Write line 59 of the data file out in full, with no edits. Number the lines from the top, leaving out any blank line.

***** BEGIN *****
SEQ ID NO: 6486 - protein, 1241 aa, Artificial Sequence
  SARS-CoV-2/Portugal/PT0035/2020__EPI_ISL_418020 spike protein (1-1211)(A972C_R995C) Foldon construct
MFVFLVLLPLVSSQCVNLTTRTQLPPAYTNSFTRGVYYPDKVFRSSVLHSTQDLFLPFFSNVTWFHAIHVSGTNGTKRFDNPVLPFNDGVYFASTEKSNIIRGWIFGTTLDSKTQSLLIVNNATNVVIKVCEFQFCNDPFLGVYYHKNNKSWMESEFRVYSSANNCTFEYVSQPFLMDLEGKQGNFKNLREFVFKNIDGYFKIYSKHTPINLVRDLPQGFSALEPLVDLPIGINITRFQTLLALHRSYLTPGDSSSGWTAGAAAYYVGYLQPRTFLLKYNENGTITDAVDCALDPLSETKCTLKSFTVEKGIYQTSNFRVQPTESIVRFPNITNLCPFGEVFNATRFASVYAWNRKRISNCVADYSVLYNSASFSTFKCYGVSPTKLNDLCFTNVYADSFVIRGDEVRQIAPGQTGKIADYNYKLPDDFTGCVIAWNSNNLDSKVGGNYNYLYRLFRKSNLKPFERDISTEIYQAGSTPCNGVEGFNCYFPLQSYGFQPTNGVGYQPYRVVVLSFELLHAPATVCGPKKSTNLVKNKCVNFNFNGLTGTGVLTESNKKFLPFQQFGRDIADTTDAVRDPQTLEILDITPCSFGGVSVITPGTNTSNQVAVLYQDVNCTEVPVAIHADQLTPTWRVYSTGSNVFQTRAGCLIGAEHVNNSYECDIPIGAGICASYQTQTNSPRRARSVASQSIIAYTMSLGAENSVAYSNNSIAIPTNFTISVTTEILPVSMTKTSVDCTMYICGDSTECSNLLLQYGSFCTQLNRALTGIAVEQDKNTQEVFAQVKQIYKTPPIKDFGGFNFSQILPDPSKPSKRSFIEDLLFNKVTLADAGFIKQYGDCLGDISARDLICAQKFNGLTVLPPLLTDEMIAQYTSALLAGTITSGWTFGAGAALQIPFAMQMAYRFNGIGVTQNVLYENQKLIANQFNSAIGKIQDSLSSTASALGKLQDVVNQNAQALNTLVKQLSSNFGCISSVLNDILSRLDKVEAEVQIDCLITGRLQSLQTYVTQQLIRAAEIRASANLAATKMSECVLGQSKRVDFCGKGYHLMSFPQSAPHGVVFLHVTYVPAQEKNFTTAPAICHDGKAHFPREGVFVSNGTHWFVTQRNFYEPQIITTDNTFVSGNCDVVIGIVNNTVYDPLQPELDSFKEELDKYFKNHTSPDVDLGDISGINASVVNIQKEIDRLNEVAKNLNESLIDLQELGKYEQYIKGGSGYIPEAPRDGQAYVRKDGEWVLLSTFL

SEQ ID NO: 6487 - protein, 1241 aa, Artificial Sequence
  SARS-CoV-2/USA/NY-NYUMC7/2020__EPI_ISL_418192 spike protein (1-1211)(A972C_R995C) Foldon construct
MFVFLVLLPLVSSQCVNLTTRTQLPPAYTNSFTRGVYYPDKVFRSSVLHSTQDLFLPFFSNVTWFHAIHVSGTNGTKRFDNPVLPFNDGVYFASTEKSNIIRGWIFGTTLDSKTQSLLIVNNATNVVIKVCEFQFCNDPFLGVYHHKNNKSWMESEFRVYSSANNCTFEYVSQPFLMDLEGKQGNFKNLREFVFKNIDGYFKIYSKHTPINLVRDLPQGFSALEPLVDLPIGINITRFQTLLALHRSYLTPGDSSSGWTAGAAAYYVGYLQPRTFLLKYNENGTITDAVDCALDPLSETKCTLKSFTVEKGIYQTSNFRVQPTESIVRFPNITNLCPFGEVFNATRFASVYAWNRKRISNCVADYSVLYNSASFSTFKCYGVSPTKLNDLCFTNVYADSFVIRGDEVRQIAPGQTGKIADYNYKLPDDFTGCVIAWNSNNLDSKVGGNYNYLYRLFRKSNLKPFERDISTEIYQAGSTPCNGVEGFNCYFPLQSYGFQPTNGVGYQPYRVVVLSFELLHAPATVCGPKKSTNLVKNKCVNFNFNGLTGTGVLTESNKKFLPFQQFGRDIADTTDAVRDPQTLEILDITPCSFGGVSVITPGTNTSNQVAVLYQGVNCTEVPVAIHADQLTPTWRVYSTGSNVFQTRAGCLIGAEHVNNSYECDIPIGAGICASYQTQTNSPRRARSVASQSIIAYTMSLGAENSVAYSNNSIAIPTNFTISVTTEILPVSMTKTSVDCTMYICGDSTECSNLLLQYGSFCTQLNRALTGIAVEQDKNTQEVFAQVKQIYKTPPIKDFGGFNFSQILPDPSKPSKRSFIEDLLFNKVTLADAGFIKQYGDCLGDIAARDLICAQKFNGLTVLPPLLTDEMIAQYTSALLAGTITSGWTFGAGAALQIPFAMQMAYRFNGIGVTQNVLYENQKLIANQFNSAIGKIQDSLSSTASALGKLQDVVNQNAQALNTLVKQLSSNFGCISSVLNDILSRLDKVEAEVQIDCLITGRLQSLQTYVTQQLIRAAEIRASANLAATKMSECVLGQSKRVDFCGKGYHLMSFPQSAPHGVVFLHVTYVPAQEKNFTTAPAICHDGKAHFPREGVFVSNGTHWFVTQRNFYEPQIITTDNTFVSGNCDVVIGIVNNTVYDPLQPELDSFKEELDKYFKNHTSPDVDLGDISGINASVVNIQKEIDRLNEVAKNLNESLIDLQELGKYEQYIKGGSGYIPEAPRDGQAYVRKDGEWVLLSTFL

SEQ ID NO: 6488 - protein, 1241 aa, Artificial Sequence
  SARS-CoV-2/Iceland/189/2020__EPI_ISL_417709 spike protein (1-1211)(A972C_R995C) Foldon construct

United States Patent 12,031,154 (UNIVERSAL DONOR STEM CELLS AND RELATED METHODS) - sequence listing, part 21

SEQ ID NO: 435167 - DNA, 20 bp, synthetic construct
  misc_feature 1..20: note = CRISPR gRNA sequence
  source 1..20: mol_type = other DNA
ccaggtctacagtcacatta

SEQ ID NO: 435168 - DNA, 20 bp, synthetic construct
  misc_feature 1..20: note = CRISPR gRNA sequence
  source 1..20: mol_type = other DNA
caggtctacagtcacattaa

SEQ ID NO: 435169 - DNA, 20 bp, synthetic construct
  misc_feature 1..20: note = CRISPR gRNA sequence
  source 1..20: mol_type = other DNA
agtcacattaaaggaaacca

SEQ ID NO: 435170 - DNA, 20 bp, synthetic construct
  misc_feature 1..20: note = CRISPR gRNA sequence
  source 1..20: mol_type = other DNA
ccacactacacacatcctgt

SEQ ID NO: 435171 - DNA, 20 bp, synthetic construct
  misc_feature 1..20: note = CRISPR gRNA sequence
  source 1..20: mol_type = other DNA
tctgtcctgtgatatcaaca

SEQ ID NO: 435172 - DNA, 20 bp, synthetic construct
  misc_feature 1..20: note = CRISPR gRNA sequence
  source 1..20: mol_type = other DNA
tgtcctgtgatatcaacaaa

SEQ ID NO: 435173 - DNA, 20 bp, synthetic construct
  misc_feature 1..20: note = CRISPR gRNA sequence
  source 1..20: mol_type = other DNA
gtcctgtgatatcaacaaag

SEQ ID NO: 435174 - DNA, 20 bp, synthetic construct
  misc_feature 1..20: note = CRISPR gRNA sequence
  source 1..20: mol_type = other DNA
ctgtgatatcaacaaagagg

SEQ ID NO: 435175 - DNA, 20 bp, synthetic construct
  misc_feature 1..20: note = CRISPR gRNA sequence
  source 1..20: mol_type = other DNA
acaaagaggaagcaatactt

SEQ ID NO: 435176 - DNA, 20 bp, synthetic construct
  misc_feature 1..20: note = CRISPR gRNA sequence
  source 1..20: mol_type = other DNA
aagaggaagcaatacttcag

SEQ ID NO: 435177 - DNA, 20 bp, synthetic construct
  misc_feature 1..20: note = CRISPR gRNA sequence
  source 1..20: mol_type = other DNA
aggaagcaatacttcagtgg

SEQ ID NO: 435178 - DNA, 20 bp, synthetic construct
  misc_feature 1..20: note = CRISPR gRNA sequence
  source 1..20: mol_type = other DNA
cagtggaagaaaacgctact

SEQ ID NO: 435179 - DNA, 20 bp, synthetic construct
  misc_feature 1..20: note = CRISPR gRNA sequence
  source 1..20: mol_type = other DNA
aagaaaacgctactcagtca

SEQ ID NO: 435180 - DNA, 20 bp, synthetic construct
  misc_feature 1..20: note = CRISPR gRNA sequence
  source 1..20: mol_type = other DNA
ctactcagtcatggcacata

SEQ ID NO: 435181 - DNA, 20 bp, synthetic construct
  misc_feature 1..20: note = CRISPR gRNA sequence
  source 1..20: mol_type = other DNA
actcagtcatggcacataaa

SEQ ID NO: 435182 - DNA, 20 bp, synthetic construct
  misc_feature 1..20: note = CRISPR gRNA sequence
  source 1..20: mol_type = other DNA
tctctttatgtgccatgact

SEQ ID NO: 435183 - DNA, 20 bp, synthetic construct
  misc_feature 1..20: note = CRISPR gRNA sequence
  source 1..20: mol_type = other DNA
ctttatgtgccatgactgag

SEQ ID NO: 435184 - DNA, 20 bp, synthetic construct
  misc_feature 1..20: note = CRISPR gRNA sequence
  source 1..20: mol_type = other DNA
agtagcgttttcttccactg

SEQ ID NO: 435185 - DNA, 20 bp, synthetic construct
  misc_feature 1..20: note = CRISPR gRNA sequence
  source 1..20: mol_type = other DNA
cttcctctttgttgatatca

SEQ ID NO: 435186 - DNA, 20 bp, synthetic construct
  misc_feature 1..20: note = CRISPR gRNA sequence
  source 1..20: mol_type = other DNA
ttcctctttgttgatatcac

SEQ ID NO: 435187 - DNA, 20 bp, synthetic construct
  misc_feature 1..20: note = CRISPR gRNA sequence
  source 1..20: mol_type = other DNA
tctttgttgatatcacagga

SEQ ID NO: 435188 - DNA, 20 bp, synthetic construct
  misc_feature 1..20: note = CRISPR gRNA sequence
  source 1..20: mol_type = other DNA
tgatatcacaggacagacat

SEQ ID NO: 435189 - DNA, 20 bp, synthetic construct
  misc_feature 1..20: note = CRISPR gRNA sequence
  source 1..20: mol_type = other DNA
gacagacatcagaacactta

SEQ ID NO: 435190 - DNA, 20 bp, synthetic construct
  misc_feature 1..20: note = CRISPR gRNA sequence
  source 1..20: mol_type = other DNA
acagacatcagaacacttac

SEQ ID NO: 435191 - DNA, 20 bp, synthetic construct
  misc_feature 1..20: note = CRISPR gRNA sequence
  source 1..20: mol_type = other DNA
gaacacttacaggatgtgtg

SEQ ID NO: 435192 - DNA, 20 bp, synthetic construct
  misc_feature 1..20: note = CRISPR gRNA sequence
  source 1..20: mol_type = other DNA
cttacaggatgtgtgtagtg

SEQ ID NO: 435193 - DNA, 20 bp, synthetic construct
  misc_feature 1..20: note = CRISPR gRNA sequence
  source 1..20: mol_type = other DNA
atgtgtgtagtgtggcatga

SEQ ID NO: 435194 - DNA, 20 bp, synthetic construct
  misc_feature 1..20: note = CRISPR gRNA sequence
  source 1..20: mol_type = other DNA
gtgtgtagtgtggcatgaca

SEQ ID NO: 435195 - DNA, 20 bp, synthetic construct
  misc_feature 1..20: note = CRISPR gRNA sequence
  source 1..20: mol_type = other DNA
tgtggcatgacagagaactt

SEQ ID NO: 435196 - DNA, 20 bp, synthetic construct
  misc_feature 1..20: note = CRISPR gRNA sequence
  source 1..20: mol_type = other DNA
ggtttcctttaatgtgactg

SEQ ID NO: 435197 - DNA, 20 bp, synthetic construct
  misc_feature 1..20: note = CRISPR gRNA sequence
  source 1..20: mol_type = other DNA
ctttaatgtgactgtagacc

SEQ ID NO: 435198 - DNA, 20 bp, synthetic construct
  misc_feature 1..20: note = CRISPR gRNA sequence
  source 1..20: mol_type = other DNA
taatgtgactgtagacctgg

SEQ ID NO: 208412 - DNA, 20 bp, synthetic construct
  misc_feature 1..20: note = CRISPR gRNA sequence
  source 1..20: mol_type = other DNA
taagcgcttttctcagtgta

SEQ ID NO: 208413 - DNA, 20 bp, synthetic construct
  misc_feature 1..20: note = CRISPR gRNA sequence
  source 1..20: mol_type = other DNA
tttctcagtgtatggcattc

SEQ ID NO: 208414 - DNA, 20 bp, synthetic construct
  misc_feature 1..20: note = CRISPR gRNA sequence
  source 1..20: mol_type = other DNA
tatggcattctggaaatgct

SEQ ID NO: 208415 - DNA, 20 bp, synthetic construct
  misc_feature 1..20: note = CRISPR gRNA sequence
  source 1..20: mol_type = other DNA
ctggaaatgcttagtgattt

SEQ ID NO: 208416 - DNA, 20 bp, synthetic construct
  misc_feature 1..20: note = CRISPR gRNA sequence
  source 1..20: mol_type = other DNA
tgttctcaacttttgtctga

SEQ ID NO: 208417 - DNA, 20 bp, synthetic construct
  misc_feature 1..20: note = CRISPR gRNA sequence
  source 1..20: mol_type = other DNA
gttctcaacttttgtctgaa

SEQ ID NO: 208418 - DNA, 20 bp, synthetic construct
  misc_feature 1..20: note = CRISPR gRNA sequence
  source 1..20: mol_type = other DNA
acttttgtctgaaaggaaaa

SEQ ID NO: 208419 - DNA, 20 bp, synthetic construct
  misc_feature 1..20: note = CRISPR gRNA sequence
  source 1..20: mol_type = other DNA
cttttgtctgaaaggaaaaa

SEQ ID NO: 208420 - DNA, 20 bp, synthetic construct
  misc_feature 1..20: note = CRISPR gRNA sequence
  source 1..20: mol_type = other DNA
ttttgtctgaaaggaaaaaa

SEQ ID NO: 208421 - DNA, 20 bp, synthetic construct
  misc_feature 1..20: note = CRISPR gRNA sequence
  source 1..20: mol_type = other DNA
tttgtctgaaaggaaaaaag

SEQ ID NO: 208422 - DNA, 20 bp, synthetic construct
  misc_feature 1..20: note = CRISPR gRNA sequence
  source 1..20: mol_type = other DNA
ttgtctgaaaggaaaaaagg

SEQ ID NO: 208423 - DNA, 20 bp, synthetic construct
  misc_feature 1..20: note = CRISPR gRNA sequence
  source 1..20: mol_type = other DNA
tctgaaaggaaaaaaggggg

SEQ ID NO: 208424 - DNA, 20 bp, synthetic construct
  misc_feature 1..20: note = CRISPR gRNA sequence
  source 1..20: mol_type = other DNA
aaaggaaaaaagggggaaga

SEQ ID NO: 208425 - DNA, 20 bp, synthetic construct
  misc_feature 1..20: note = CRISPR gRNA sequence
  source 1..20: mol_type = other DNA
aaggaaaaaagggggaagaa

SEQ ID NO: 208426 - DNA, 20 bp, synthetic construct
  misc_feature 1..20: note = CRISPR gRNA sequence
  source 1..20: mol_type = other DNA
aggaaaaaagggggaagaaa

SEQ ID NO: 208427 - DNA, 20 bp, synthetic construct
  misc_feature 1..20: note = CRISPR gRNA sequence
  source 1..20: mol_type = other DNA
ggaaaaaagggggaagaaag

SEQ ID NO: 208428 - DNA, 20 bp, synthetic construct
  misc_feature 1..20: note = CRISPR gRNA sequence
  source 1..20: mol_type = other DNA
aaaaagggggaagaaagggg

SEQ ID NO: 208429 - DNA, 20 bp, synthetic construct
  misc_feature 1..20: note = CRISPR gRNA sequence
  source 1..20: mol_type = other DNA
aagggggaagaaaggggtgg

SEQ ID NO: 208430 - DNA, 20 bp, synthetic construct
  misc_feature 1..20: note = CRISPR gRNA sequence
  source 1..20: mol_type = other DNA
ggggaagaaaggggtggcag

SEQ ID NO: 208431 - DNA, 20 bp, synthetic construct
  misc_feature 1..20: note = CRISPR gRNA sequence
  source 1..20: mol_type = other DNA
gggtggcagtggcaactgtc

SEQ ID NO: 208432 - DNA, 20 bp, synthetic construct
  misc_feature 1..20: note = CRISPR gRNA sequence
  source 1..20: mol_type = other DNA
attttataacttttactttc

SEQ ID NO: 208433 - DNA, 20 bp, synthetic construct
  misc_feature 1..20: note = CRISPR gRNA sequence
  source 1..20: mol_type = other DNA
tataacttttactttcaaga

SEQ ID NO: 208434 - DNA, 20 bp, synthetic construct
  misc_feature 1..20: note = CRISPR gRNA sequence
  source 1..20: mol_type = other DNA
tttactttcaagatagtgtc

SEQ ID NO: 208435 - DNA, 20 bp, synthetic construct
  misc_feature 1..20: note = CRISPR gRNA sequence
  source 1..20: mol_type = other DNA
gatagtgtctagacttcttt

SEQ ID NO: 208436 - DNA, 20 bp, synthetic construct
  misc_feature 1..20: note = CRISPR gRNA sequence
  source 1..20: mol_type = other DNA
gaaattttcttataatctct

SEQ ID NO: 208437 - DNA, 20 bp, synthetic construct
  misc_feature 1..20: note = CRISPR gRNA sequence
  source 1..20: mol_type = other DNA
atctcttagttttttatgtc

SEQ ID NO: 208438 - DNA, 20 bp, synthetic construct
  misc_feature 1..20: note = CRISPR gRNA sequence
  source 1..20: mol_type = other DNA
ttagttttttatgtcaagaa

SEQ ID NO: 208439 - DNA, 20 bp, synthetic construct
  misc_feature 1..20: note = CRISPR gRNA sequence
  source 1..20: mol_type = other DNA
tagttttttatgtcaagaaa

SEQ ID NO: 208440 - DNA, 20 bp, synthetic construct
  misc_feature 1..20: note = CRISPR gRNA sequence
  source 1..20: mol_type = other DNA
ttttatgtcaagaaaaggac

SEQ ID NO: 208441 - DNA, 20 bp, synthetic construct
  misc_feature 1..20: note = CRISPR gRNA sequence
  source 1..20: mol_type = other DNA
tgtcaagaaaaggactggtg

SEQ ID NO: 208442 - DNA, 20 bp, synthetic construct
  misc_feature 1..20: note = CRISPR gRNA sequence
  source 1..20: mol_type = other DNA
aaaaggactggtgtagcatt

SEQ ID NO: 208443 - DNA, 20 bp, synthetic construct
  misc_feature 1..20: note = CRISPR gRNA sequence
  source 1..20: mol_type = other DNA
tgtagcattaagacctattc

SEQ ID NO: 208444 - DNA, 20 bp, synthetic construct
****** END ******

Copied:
  misc_feature 1..20: note = CRISPR gRNA sequence